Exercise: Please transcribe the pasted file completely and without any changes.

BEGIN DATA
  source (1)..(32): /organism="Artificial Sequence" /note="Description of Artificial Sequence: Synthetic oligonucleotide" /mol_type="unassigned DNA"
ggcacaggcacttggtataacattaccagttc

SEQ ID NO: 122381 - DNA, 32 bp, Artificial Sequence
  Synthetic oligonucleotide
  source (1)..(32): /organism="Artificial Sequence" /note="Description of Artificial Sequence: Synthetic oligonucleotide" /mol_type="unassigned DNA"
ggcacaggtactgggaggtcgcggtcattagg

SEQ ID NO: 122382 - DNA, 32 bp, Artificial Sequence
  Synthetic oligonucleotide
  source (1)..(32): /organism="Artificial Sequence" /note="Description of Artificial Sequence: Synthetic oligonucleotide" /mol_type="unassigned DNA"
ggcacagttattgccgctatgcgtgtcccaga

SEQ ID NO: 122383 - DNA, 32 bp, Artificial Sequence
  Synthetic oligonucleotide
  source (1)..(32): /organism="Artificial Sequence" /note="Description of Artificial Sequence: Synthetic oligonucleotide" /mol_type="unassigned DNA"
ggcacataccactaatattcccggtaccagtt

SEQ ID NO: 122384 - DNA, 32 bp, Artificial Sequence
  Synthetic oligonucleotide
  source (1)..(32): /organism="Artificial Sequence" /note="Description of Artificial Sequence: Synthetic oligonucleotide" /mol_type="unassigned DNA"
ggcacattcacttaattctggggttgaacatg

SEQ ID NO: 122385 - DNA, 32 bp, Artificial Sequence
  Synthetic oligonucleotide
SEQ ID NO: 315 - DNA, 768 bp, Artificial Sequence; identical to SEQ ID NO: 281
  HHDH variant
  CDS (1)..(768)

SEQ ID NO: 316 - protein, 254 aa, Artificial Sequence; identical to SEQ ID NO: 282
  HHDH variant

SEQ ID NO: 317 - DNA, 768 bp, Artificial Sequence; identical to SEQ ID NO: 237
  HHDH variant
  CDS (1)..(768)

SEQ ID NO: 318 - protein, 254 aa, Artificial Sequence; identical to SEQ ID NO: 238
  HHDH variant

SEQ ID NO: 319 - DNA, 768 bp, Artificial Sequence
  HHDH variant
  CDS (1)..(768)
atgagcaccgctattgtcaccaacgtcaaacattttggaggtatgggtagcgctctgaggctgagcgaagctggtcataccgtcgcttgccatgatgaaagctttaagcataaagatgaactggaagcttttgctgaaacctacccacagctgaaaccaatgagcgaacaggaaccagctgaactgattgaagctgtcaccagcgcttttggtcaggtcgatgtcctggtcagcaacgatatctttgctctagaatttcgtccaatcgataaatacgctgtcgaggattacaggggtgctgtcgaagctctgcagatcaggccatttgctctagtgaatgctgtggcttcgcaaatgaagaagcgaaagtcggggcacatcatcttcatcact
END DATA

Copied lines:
  source (1)..(32): /organism="Artificial Sequence" /note="Description of Artificial Sequence: Synthetic oligonucleotide" /mol_type="unassigned DNA"
ggcacaggcacttggtataacattaccagttc

SEQ ID NO: 122381 - DNA, 32 bp, Artificial Sequence
  Synthetic oligonucleotide
  source (1)..(32): /organism="Artificial Sequence" /note="Description of Artificial Sequence: Synthetic oligonucleotide" /mol_type="unassigned DNA"
ggcacaggtactgggaggtcgcggtcattagg

SEQ ID NO: 122382 - DNA, 32 bp, Artificial Sequence
  Synthetic oligonucleotide
  source (1)..(32): /organism="Artificial Sequence" /note="Description of Artificial Sequence: Synthetic oligonucleotide" /mol_type="unassigned DNA"
ggcacagttattgccgctatgcgtgtcccaga

SEQ ID NO: 122383 - DNA, 32 bp, Artificial Sequence
  Synthetic oligonucleotide
  source (1)..(32): /organism="Artificial Sequence" /note="Description of Artificial Sequence: Synthetic oligonucleotide" /mol_type="unassigned DNA"
ggcacataccactaatattcccggtaccagtt

SEQ ID NO: 122384 - DNA, 32 bp, Artificial Sequence
  Synthetic oligonucleotide
  source (1)..(32): /organism="Artificial Sequence" /note="Description of Artificial Sequence: Synthetic oligonucleotide" /mol_type="unassigned DNA"
ggcacattcacttaattctggggttgaacatg

SEQ ID NO: 122385 - DNA, 32 bp, Artificial Sequence
  Synthetic oligonucleotide
SEQ ID NO: 315 - DNA, 768 bp, Artificial Sequence; identical to SEQ ID NO: 281
  HHDH variant
  CDS (1)..(768)

SEQ ID NO: 316 - protein, 254 aa, Artificial Sequence; identical to SEQ ID NO: 282
  HHDH variant

SEQ ID NO: 317 - DNA, 768 bp, Artificial Sequence; identical to SEQ ID NO: 237
  HHDH variant
  CDS (1)..(768)

SEQ ID NO: 318 - protein, 254 aa, Artificial Sequence; identical to SEQ ID NO: 238
  HHDH variant

SEQ ID NO: 319 - DNA, 768 bp, Artificial Sequence
  HHDH variant
  CDS (1)..(768)
atgagcaccgctattgtcaccaacgtcaaacattttggaggtatgggtagcgctctgaggctgagcgaagctggtcataccgtcgcttgccatgatgaaagctttaagcataaagatgaactggaagcttttgctgaaacctacccacagctgaaaccaatgagcgaacaggaaccagctgaactgattgaagctgtcaccagcgcttttggtcaggtcgatgtcctggtcagcaacgatatctttgctctagaatttcgtccaatcgataaatacgctgtcgaggattacaggggtgctgtcgaagctctgcagatcaggccatttgctctagtgaatgctgtggcttcgcaaatgaagaagcgaaagtcggggcacatcatcttcatcact